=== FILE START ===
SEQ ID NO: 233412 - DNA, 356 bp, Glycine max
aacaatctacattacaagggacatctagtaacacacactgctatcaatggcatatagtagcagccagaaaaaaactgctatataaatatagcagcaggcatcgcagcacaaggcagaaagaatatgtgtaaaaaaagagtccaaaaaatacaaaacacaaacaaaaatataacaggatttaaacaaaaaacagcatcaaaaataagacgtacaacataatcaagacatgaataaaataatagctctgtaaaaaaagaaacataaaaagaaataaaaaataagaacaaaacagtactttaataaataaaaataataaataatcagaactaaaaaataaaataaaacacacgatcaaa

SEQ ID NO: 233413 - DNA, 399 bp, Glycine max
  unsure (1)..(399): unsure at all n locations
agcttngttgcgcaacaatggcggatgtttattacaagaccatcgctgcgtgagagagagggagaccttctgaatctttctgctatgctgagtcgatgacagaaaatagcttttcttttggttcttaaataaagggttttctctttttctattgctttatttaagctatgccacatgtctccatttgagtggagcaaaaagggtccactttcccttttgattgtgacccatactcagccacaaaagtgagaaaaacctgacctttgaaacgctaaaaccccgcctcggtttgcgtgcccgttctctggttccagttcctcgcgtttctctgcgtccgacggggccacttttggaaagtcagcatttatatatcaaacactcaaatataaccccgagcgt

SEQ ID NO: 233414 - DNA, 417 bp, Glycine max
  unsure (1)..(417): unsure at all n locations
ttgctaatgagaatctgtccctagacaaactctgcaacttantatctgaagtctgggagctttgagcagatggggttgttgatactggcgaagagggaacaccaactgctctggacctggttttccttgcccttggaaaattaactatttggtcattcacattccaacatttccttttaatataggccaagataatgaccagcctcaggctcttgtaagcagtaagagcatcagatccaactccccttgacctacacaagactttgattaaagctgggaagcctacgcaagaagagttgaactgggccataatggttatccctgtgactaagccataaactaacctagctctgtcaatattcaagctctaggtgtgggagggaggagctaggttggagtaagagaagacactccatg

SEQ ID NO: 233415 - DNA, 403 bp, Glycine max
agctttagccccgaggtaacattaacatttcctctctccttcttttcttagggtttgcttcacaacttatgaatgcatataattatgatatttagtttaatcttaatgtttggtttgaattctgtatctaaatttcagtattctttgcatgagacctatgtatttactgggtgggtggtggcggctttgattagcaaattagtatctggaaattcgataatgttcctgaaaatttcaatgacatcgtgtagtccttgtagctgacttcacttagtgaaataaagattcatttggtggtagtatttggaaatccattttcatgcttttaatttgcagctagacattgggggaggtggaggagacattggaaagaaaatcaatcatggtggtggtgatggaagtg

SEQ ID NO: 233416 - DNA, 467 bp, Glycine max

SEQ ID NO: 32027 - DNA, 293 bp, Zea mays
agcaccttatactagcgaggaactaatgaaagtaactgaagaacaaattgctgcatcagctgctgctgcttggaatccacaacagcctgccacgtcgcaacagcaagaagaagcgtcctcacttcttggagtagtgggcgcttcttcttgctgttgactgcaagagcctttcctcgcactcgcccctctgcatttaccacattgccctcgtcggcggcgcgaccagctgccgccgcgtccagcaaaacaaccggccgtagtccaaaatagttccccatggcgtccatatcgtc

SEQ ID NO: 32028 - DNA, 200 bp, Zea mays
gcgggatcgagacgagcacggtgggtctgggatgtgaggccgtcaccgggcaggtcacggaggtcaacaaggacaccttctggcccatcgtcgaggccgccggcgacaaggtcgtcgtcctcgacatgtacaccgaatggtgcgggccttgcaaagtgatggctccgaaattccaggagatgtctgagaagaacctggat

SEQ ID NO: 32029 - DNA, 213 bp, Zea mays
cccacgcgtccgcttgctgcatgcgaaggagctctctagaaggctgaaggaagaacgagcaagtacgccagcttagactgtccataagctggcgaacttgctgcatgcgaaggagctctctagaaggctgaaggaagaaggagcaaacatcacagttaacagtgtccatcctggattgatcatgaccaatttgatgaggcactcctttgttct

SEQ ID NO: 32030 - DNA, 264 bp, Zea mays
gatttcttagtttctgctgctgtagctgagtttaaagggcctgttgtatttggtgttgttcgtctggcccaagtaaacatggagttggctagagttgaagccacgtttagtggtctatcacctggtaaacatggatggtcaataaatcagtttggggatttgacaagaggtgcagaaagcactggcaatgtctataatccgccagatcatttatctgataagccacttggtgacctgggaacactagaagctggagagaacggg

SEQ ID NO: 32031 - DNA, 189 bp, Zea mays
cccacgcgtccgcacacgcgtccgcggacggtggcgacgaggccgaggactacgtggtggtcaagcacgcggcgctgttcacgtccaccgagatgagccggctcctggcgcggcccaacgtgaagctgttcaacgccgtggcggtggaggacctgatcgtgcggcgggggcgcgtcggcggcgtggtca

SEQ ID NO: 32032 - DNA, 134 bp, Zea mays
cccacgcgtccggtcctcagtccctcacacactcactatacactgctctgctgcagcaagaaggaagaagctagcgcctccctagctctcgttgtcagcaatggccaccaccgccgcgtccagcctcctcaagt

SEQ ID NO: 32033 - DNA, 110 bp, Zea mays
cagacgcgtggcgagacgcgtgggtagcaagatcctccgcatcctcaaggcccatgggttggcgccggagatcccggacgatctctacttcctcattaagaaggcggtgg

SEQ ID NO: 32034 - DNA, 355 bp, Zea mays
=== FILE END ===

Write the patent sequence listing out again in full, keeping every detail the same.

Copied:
SEQ ID NO: 233412 - DNA, 356 bp, Glycine max
aacaatctacattacaagggacatctagtaacacacactgctatcaatggcatatagtagcagccagaaaaaaactgctatataaatatagcagcaggcatcgcagcacaaggcagaaagaatatgtgtaaaaaaagagtccaaaaaatacaaaacacaaacaaaaatataacaggatttaaacaaaaaacagcatcaaaaataagacgtacaacataatcaagacatgaataaaataatagctctgtaaaaaaagaaacataaaaagaaataaaaaataagaacaaaacagtactttaataaataaaaataataaataatcagaactaaaaaataaaataaaacacacgatcaaa

SEQ ID NO: 233413 - DNA, 399 bp, Glycine max
  unsure (1)..(399): unsure at all n locations
agcttngttgcgcaacaatggcggatgtttattacaagaccatcgctgcgtgagagagagggagaccttctgaatctttctgctatgctgagtcgatgacagaaaatagcttttcttttggttcttaaataaagggttttctctttttctattgctttatttaagctatgccacatgtctccatttgagtggagcaaaaagggtccactttcccttttgattgtgacccatactcagccacaaaagtgagaaaaacctgacctttgaaacgctaaaaccccgcctcggtttgcgtgcccgttctctggttccagttcctcgcgtttctctgcgtccgacggggccacttttggaaagtcagcatttatatatcaaacactcaaatataaccccgagcgt

SEQ ID NO: 233414 - DNA, 417 bp, Glycine max
  unsure (1)..(417): unsure at all n locations
ttgctaatgagaatctgtccctagacaaactctgcaacttantatctgaagtctgggagctttgagcagatggggttgttgatactggcgaagagggaacaccaactgctctggacctggttttccttgcccttggaaaattaactatttggtcattcacattccaacatttccttttaatataggccaagataatgaccagcctcaggctcttgtaagcagtaagagcatcagatccaactccccttgacctacacaagactttgattaaagctgggaagcctacgcaagaagagttgaactgggccataatggttatccctgtgactaagccataaactaacctagctctgtcaatattcaagctctaggtgtgggagggaggagctaggttggagtaagagaagacactccatg

SEQ ID NO: 233415 - DNA, 403 bp, Glycine max
agctttagccccgaggtaacattaacatttcctctctccttcttttcttagggtttgcttcacaacttatgaatgcatataattatgatatttagtttaatcttaatgtttggtttgaattctgtatctaaatttcagtattctttgcatgagacctatgtatttactgggtgggtggtggcggctttgattagcaaattagtatctggaaattcgataatgttcctgaaaatttcaatgacatcgtgtagtccttgtagctgacttcacttagtgaaataaagattcatttggtggtagtatttggaaatccattttcatgcttttaatttgcagctagacattgggggaggtggaggagacattggaaagaaaatcaatcatggtggtggtgatggaagtg

SEQ ID NO: 233416 - DNA, 467 bp, Glycine max

SEQ ID NO: 32027 - DNA, 293 bp, Zea mays
agcaccttatactagcgaggaactaatgaaagtaactgaagaacaaattgctgcatcagctgctgctgcttggaatccacaacagcctgccacgtcgcaacagcaagaagaagcgtcctcacttcttggagtagtgggcgcttcttcttgctgttgactgcaagagcctttcctcgcactcgcccctctgcatttaccacattgccctcgtcggcggcgcgaccagctgccgccgcgtccagcaaaacaaccggccgtagtccaaaatagttccccatggcgtccatatcgtc

SEQ ID NO: 32028 - DNA, 200 bp, Zea mays
gcgggatcgagacgagcacggtgggtctgggatgtgaggccgtcaccgggcaggtcacggaggtcaacaaggacaccttctggcccatcgtcgaggccgccggcgacaaggtcgtcgtcctcgacatgtacaccgaatggtgcgggccttgcaaagtgatggctccgaaattccaggagatgtctgagaagaacctggat

SEQ ID NO: 32029 - DNA, 213 bp, Zea mays
cccacgcgtccgcttgctgcatgcgaaggagctctctagaaggctgaaggaagaacgagcaagtacgccagcttagactgtccataagctggcgaacttgctgcatgcgaaggagctctctagaaggctgaaggaagaaggagcaaacatcacagttaacagtgtccatcctggattgatcatgaccaatttgatgaggcactcctttgttct

SEQ ID NO: 32030 - DNA, 264 bp, Zea mays
gatttcttagtttctgctgctgtagctgagtttaaagggcctgttgtatttggtgttgttcgtctggcccaagtaaacatggagttggctagagttgaagccacgtttagtggtctatcacctggtaaacatggatggtcaataaatcagtttggggatttgacaagaggtgcagaaagcactggcaatgtctataatccgccagatcatttatctgataagccacttggtgacctgggaacactagaagctggagagaacggg

SEQ ID NO: 32031 - DNA, 189 bp, Zea mays
cccacgcgtccgcacacgcgtccgcggacggtggcgacgaggccgaggactacgtggtggtcaagcacgcggcgctgttcacgtccaccgagatgagccggctcctggcgcggcccaacgtgaagctgttcaacgccgtggcggtggaggacctgatcgtgcggcgggggcgcgtcggcggcgtggtca

SEQ ID NO: 32032 - DNA, 134 bp, Zea mays
cccacgcgtccggtcctcagtccctcacacactcactatacactgctctgctgcagcaagaaggaagaagctagcgcctccctagctctcgttgtcagcaatggccaccaccgccgcgtccagcctcctcaagt

SEQ ID NO: 32033 - DNA, 110 bp, Zea mays
cagacgcgtggcgagacgcgtgggtagcaagatcctccgcatcctcaaggcccatgggttggcgccggagatcccggacgatctctacttcctcattaagaaggcggtgg

SEQ ID NO: 32034 - DNA, 355 bp, Zea mays